Trump on midterms: ‘Tremen­dous suc­cess’

Yuma Sun - - ELECTION 2018 -

WASH­ING­TON — Star­ing down the po­ten­tial loss of one-party con­trol in Wash­ing­ton, Pres­i­dent Don­ald Trump de­clared Tues­day’s elec­tion re­sults a “tremen­dous suc­cess” for Repub­li­cans as his party main­tained its hold on the Se­nate while Democrats picked up GOP-held seats in the House.

Trump waited un­til late in the night to weigh in on the midterm vote, tweet­ing a suc­cinct mes­sage that over­looked ex­pected Demo­cratic gains in the House, writ­ing: “Tremen­dous suc­cess tonight. Thank you to all!”

With re­sults still com­ing in, Repub­li­cans had a chance to in­crease their ma­jor­ity in the Se­nate. Democrats were gain­ing speed in their quest for the House, which would give them the abil­ity to launch in­ves­ti­ga­tions into the pres­i­dent and stymie his agenda.

White House spokes­woman Sarah Huck­abee San­ders min­i­mized likely Demo­cratic gains.

“Maybe you get a rip­ple, but I cer­tainly don’t think that there’s a blue wave,” she told re­porters, point­ing to sev­eral early Repub­li­can wins.

As for Repub­li­cans re­tain­ing con­trol of the Se­nate, she called it “a huge mo­ment and vic­tory for the pres­i­dent.”

The White House has been stress­ing the his­tor­i­cal head­winds it faced: In the last three decades, 2002 was the only midterm elec­tion when the party hold­ing the White House gained Se­nate seats. And only twice in the past eight decades has the pres­i­dent’s party picked up House seats in the midterms.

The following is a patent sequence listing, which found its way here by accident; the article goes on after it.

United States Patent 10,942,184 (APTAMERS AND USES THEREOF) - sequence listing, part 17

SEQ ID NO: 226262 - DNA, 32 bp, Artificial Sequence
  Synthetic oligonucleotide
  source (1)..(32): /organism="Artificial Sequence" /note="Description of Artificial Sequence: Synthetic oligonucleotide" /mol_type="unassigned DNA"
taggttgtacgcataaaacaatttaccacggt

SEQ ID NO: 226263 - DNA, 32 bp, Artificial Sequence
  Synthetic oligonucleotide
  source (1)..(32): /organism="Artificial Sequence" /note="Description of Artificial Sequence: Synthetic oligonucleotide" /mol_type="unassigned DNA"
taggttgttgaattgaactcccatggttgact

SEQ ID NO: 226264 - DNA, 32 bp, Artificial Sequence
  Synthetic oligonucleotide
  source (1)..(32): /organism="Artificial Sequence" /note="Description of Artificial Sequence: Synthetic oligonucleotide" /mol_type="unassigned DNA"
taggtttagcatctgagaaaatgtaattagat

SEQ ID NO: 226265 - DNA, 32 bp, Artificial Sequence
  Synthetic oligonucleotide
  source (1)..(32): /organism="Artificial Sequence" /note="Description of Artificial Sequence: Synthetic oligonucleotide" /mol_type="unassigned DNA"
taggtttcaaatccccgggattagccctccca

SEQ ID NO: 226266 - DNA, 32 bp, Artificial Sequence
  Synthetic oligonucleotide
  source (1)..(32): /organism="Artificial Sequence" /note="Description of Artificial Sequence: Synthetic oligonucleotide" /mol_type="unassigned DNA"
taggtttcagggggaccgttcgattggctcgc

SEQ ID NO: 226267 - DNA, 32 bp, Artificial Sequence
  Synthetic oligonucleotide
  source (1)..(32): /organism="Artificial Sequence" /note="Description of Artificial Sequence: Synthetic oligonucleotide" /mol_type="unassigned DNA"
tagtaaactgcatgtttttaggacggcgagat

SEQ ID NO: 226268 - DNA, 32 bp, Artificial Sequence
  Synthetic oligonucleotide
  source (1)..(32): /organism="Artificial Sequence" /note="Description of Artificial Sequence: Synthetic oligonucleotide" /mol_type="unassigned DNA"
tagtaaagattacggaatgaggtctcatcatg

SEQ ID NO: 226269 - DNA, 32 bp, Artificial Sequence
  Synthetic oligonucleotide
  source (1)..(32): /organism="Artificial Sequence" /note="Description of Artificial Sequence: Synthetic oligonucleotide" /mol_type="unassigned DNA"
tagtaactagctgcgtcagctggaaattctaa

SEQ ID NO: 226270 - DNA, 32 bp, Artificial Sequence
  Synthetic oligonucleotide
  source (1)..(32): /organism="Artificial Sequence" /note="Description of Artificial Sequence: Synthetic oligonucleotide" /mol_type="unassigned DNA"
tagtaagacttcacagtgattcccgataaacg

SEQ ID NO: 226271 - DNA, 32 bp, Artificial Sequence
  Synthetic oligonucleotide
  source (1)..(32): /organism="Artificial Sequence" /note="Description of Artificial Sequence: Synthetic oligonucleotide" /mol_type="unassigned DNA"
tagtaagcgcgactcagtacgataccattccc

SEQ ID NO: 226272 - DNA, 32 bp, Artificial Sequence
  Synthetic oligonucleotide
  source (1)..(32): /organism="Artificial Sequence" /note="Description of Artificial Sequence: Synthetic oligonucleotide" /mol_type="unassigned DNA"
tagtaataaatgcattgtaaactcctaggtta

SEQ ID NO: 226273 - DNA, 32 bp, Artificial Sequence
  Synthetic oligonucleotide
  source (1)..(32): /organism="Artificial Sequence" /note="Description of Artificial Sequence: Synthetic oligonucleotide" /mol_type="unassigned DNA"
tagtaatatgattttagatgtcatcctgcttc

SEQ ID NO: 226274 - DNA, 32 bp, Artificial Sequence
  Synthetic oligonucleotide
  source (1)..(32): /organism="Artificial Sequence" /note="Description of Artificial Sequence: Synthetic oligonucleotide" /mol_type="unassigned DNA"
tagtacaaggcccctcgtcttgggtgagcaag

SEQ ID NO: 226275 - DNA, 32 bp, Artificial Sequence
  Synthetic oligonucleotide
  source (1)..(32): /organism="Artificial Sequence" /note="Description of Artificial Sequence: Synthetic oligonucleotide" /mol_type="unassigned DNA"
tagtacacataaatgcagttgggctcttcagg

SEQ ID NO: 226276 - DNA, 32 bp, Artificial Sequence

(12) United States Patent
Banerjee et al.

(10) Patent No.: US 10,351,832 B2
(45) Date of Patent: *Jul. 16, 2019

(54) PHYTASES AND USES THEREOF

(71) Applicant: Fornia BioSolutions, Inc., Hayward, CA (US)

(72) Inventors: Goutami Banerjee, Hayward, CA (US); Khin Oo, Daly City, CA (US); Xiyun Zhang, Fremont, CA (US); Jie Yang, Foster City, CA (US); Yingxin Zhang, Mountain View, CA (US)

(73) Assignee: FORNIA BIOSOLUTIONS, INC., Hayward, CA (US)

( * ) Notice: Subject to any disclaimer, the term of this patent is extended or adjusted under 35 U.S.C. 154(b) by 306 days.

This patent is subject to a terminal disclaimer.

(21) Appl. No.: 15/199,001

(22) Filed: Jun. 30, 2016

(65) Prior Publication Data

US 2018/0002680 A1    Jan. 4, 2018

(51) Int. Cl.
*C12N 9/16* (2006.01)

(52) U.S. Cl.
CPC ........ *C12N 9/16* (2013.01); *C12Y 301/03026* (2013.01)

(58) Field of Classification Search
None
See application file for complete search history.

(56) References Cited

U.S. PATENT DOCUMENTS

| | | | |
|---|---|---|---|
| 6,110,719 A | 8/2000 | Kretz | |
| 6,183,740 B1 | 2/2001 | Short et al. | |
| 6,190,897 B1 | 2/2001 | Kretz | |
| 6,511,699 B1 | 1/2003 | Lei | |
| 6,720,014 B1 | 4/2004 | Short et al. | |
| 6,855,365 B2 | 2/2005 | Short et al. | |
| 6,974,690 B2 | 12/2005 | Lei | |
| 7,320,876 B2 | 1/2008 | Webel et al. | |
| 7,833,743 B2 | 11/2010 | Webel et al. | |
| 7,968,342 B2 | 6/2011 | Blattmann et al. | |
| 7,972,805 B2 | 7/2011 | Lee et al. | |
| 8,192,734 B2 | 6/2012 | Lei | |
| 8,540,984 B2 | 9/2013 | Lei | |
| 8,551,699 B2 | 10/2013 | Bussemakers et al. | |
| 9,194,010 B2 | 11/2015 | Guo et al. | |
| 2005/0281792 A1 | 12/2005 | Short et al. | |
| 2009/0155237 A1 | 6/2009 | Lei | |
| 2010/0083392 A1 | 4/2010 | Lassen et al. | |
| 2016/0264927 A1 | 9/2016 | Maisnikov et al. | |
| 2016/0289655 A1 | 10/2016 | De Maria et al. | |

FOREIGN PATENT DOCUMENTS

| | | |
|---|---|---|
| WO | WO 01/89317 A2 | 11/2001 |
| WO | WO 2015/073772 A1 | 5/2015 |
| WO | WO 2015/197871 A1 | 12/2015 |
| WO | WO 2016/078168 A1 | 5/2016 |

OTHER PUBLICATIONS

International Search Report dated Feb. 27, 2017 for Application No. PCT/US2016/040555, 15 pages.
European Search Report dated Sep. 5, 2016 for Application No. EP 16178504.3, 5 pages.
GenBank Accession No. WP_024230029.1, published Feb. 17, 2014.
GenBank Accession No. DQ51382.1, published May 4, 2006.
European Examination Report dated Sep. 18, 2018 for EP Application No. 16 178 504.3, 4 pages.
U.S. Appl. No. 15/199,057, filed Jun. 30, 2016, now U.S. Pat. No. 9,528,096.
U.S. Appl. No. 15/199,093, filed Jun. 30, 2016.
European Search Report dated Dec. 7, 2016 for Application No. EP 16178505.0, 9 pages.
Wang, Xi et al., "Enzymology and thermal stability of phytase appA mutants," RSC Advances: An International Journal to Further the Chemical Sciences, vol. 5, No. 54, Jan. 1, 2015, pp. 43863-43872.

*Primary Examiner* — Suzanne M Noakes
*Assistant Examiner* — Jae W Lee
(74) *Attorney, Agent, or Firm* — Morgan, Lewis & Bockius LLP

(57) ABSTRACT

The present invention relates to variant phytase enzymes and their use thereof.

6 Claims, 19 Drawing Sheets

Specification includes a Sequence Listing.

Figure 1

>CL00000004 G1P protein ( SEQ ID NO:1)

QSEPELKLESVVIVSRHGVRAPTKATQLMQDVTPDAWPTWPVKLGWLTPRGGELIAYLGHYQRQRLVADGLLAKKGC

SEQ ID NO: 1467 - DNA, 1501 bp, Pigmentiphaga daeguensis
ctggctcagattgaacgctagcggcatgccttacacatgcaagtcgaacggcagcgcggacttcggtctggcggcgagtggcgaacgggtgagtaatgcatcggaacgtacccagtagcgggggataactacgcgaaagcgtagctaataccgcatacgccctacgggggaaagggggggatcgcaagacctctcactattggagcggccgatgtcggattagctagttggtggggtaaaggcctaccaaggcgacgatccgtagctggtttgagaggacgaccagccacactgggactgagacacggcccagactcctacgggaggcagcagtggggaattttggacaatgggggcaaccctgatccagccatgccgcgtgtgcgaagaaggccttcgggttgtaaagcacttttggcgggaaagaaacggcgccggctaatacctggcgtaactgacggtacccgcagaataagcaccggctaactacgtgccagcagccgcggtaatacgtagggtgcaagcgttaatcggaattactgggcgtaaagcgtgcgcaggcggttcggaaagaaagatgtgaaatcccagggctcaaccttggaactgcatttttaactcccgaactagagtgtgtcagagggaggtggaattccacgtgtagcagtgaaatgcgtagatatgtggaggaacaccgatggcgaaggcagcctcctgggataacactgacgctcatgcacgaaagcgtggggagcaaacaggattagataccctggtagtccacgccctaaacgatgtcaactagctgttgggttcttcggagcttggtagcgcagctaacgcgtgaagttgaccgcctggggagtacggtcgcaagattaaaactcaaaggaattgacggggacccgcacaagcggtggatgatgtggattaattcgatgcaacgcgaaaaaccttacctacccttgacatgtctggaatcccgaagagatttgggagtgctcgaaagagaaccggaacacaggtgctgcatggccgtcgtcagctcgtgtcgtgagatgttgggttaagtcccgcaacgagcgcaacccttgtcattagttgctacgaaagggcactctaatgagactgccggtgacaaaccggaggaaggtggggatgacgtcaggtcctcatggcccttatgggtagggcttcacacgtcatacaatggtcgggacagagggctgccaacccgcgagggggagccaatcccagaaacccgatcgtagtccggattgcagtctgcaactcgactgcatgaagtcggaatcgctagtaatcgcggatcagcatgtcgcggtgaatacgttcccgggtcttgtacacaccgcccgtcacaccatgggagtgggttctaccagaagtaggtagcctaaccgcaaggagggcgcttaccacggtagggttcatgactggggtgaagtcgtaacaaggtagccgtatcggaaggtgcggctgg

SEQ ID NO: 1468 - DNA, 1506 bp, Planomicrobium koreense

Trump spent elec­tion night watch­ing re­turns with fam­ily and friends at the White House, his shadow loom­ing large over the re­sults.

Op­po­si­tion to Trump proved to be more of a mo­ti­vat­ing fac­tor for Democrats than sup­port for the pres­i­dent a fac­tor for Repub­li­cans. Still, Repub­li­can vot­ers tended to be over­whelm­ingly sup­port­ive of the pres­i­dent.

Faced with the pos­si­bil­ity of keep­ing the Se­nate but los­ing the House, aides in re­cent days had laid out the po­lit­i­cal re­al­ity to Trump, who could face an on­slaught of Demo­cratic-run in­ves­ti­ga­tions. In turn, Trump be­gan try­ing out de­fen­sive ar­gu­ments ahead of Elec­tion Day, not­ing that midterm losses are typ­i­cal for the party in the White House, point­ing out a high num­ber of GOP re­tire­ments and stress­ing that he had kept his fo­cus on the Se­nate.

Aides set up tele­vi­sions in the White House res­i­dence for Trump, first lady Me­la­nia Trump and their guests to watch elec­tion re­sults come in, with the sets tuned to dif­fer­ent ca­ble news chan­nels. Among those ex­pected were Trump’s adult chil­dren, White House aides, Repub­li­can of­fi­cials and pres­i­den­tial friends.

The elec­tion served as a ref­er­en­dum of sorts on Trump’s racially charged ap­peals and the strength of the coali­tion that pow­ered him to the White House — a group he will need again in just two years.

San­ders said can­di­dates who wel­comed Trump did bet­ter at the polls.

“Most of the can­di­dates that the pres­i­dent ac­tu­ally went in and cam­paigned for and who em­brace the pres­i­dent are do­ing well tonight,” she said.

Still, about one-third of vot­ers said Trump was not a fac­tor in their votes.

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